August 9, 2005

Tiny Uruguay pressed by neighbor to halt pulp mills

By Louise Egan

GUALEGUAYCHU, Argentina (Reuters) - Gualeguaychu used to be
a sleepy Argentine town. That was before two European companies
decided to build some of the world's largest pulp mills on its
doorstep in neighboring Uruguay.

Now it's a hotbed of protest as farmers, ecologists and
politicians fearing the mills will lead to acid rain and a
stench reminiscent of rotten eggs have taken to the streets to
block the projects. Their opposition to the mills, which
Uruguay hopes will help bolster its economy, has also caused a
diplomatic feud between the two countries.

"There's no stopping this town. We won't back down now,"
vowed Edgardo Moreyra, an Argentine activist at a noisy rally
outside Gualeguaychu's city hall where students chanted "Clean
air, clean water! No to the paper companies!"

But this is not your typical David against Goliath battle
of average citizens against big corporations.

The protesters are backed by Argentina's government, which
wants the projects halted, and their slingshot is aimed at tiny
neighbor Uruguay, a laid-back nation of 3.4 million people
better known for its picturesque cattle ranches than for

With the pulp mills, Uruguay's leftist President Tabare
Vazquez is embarking on one of the biggest private industrial
investments in his country's history, hoping to give a boost to
the economy after a deep economic crisis.

His predecessor approved the two companies' combined
investment of $1.7 billion to produce 1.5 million tonnes of
wood pulp on the banks of the Uruguay River, a natural border
between Uruguay and Argentina's Entre Rios province which is
home to Gualeguaychu's 80,000 residents.

The plants will be built about 3 miles apart by Finland's
Metsa-Botnia, Europe's second-largest pulp producer, and
Spain's Ence . Construction began in April at one site and is
due to start in October at the other.

Uruguayan officials expect the plants to boost forestry
exports five-fold and overall exports by 8 percent.

Ence's $600 million plant is scheduled to begin exporting
cellulose in 2008 at a rate of 500,000 tonnes a year while
Botnia's $1.1 billion installation will go online in late 2007,
producing 1 million tonnes annually, making it one of the
largest in the world.


While many Uruguayans are also enraged their government is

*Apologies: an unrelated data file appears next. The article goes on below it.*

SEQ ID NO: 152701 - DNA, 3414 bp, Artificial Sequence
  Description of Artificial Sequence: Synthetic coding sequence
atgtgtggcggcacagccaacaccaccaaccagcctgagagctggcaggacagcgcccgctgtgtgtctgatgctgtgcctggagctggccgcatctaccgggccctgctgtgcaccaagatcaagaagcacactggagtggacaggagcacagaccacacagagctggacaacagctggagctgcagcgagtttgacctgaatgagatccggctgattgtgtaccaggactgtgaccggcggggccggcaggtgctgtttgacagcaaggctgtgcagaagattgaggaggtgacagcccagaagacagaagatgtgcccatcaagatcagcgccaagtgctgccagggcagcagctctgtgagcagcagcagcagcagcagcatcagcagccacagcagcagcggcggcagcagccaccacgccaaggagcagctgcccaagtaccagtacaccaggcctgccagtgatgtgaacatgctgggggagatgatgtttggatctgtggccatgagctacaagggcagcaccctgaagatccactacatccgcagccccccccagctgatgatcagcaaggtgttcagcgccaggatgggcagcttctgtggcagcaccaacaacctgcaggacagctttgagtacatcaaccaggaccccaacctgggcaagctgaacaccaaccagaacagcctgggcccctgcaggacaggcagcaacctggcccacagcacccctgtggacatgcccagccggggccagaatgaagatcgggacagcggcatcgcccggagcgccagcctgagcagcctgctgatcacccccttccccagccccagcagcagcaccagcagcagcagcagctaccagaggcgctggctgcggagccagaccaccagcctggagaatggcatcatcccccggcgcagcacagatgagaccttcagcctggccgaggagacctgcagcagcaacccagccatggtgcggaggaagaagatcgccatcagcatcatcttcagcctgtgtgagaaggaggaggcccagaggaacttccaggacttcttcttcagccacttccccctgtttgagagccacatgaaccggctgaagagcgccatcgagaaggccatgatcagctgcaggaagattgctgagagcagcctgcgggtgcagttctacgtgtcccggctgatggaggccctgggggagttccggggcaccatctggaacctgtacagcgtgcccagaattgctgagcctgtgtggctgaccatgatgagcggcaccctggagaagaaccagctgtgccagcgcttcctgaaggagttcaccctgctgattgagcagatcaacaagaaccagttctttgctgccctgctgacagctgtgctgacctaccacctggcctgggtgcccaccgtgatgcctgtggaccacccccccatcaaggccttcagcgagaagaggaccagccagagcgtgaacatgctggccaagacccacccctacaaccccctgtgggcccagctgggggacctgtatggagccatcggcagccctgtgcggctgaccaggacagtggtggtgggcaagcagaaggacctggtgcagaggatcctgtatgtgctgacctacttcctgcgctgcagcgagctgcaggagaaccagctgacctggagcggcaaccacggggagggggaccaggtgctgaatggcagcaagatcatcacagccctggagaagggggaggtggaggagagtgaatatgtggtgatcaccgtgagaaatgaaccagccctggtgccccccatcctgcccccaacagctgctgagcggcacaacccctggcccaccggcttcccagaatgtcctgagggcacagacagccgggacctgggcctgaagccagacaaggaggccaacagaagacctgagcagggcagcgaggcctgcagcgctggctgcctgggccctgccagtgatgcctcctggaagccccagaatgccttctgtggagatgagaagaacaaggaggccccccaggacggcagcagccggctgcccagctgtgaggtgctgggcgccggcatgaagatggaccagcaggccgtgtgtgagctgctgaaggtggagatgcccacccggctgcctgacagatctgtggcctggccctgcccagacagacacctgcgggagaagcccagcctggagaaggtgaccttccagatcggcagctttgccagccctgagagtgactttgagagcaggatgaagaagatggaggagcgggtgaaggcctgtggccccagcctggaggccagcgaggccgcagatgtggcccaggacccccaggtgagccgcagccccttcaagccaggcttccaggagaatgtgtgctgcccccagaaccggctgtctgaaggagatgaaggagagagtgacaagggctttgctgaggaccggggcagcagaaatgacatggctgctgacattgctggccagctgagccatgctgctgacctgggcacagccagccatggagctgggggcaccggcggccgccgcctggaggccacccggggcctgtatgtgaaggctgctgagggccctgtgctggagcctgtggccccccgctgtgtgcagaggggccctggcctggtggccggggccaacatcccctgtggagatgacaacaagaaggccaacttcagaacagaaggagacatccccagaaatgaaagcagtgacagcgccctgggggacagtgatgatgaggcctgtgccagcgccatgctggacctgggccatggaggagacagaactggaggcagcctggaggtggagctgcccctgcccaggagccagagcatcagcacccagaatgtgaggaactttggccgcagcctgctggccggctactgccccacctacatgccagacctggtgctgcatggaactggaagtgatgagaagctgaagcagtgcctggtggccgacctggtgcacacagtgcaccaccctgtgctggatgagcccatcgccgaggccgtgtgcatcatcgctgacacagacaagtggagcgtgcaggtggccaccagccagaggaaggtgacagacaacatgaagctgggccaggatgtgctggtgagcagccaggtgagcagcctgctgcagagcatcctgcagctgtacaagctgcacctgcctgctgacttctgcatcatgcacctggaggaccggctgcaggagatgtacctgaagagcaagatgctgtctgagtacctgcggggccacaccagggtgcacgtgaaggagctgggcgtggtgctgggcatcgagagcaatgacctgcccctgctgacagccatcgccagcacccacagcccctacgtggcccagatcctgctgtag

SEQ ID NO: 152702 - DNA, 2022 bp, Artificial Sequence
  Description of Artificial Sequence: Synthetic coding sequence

promoting what is considered one of the world's dirtiest
industries, some in nearby Fray Bentos village look forward to
thousands of new jobs.

Urguayan engineer Bruno Vuan sees great potential as he
stands in the muddy Botnia construction site watching dozens of
dump trucks move dirt. "Forestry is going to be almost as
important for Uruguay as beef," he muses.

Across the river on the Argentine delta, opposition is
unanimous. People fear dioxin and furan emissions will endanger
the river's fish and birds and wreak havoc on their citrus
orchards and commercial honeybees.

They accuse Ence of bringing in "dirty technology" that
will be banned in the European Union in 2007. Both Ence and
Botnia denied those accusations, insisting their plants will
comply with the strictest EU environmental standards.

But Gualeguaychu residents like Daniel Perez, a dental
technician who fled Buenos Aires two years ago to raise his
children in what he calls "the cleanest air possible," is

"We feel we've been chosen as the garbage dump of the
world," he said. Agriculture and tourism represent two-thirds
of Gualeguaychu's economy.


Legally, Argentina has a say in any development affecting
the Uruguay River, which is shared by the two countries and
jointly administered via a bilateral treaty.

Provincial and municipal authorities in Argentina have
aligned with protesters, threatening international legal action
against Uruguay if necessary.

Following diplomatic friction, the two governments in late
July agreed that a bilateral commission would take six months
to study any possible pollution from the projects.

But the final report will not be legally binding and in the
meantime the two companies intend to start building.

Ence and Botnia are drawn to Uruguay because of its supply
of eucalyptus globulus trees, prized as the raw material for
fine quality paper, and for its proximity to Asian and North
American markets.

"Ence cannot grow with a similar project in Europe because
the biggest restriction to growth in Europe is the availability
of raw material," said Ence spokeswoman Rosario Pou.

Uruguayan Environment Minister Mariano Arana has defended
the companies so far but vowed to confront them if a study
reveals any environmental risk.

"If the study says these plants are dangerous and are not
compatible with the region's biodiversity, then we will not
hesitate to shut them down," he said.